Mon, 24 Mar 2003
Why I'm still protesting

Protesters may be angrier in some demonstrations overseas, but they're anything but that here in Melbourne, Australia. The two rallies I went to at the end of last week (about 15-20,000 people attending each time) were perfectly peaceful affairs (though missing that air of hopefulness of the pre-war rallies). And they retained the same mix of people; young, old, feral, middle-class, ...

I can't speak for the rest of the people at the rally, but I'm protesting the human cost of this war - not necessarily from direct bombing. The number of Iraqis that will be killed due to the destruction of their infrastructure remains to be seen, but it will be high, and it's not even being acknowledged by the media hacks "informing" the public.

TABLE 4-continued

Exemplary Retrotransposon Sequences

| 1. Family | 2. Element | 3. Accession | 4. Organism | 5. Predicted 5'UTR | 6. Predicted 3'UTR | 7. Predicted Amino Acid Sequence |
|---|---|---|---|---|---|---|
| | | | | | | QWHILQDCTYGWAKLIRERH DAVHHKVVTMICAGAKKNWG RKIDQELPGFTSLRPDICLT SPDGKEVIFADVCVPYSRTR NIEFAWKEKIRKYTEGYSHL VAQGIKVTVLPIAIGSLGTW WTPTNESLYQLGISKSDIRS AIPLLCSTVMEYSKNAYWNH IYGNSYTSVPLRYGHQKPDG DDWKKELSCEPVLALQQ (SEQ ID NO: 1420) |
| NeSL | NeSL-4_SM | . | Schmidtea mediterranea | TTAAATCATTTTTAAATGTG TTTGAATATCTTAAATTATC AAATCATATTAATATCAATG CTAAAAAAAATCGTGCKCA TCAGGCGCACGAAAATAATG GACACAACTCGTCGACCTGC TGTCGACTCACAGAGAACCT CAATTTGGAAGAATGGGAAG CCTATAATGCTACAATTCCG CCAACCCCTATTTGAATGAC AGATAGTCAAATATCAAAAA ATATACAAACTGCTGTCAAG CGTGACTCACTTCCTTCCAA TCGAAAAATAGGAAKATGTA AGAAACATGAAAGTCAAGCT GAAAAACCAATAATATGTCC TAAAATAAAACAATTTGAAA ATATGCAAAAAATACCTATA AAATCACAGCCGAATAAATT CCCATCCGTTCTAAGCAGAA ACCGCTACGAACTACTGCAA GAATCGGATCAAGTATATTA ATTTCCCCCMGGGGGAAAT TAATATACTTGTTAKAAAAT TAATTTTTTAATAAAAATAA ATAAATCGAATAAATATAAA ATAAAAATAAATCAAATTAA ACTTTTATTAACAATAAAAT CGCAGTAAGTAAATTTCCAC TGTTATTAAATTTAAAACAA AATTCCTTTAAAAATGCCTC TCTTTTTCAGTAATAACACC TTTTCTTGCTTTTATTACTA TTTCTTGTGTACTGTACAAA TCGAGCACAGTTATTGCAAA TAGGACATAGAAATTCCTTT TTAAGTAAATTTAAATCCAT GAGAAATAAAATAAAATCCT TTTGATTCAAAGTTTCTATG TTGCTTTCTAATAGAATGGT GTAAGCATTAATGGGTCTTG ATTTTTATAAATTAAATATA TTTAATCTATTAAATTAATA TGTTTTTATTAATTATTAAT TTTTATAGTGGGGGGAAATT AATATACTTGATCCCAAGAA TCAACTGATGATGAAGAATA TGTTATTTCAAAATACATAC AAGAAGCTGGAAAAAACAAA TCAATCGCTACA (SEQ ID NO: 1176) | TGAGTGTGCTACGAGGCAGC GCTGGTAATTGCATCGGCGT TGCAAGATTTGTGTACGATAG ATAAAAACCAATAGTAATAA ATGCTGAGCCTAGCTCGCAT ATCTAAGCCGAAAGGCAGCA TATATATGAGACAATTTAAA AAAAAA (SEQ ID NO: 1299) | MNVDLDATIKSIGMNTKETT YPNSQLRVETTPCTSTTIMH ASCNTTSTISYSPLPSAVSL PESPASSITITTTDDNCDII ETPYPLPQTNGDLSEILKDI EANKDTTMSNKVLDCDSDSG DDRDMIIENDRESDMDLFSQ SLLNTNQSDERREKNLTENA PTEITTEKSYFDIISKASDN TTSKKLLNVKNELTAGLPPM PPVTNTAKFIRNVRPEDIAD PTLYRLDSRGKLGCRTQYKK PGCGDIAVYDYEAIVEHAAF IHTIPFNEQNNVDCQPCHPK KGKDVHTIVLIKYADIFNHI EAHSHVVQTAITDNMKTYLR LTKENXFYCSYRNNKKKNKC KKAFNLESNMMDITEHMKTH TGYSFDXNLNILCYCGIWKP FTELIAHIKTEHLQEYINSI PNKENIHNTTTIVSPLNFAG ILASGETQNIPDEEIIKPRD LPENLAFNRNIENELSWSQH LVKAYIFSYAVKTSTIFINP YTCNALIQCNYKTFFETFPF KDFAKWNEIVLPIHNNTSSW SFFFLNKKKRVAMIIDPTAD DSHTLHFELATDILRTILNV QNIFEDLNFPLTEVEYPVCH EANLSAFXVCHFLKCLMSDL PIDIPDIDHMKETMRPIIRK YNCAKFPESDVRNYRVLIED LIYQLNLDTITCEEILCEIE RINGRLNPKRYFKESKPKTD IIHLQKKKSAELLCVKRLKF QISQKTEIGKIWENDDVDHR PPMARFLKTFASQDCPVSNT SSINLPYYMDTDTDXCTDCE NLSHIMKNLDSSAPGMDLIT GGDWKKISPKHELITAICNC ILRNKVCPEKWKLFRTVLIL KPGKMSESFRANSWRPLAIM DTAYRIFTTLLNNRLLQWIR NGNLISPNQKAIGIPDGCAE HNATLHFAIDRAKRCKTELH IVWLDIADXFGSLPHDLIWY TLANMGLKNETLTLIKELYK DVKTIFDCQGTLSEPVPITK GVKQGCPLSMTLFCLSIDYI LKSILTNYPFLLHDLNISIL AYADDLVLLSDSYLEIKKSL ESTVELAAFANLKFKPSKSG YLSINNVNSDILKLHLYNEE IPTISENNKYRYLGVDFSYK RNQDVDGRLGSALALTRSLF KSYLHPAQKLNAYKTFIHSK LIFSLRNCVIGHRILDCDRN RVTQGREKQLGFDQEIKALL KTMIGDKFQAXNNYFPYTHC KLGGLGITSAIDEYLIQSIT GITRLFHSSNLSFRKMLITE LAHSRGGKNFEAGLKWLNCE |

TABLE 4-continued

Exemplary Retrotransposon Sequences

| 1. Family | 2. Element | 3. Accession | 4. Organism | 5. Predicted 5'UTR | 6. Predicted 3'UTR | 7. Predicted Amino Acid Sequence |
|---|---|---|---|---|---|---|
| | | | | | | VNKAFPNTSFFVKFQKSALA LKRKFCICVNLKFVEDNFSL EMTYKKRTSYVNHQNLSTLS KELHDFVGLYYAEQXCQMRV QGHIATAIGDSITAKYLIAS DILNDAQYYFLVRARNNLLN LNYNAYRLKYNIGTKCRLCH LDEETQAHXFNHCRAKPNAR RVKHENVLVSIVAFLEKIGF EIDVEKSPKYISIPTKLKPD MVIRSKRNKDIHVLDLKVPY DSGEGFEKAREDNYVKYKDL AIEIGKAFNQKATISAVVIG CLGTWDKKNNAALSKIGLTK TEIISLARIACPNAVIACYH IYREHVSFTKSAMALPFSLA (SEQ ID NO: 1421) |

There's other reasons too, but they border on conspiracy-theory nutjob stuff that I won't go into (you know, the US plans to take over the world, or at least make sure the greenback doesn't lose its current country-whalloping power...)

It's important to me that I stand up and make it known that just because the war's started, I haven't just changed my mind and decided that it's a good idea after all.

I don't really believe it's possible for the troops to be withdrawn at this late stage (though the withdrawal of our troops really wouldn't affect things, would it?) - I just want to add my voice to the masses that are saying that we didn't want this war.

As for the "shock and awe" war guaranteed to be over within the American attention span ... well, it looks like the Iraqis aren't just rolling over. The Yanks still have to take several major cities (including the one holding Bush's Grail) and that fighting is going to be extraordinarily ugly, and drawn out. I desperately hope I'm wrong about this, but I can't see this war being over any time soon.

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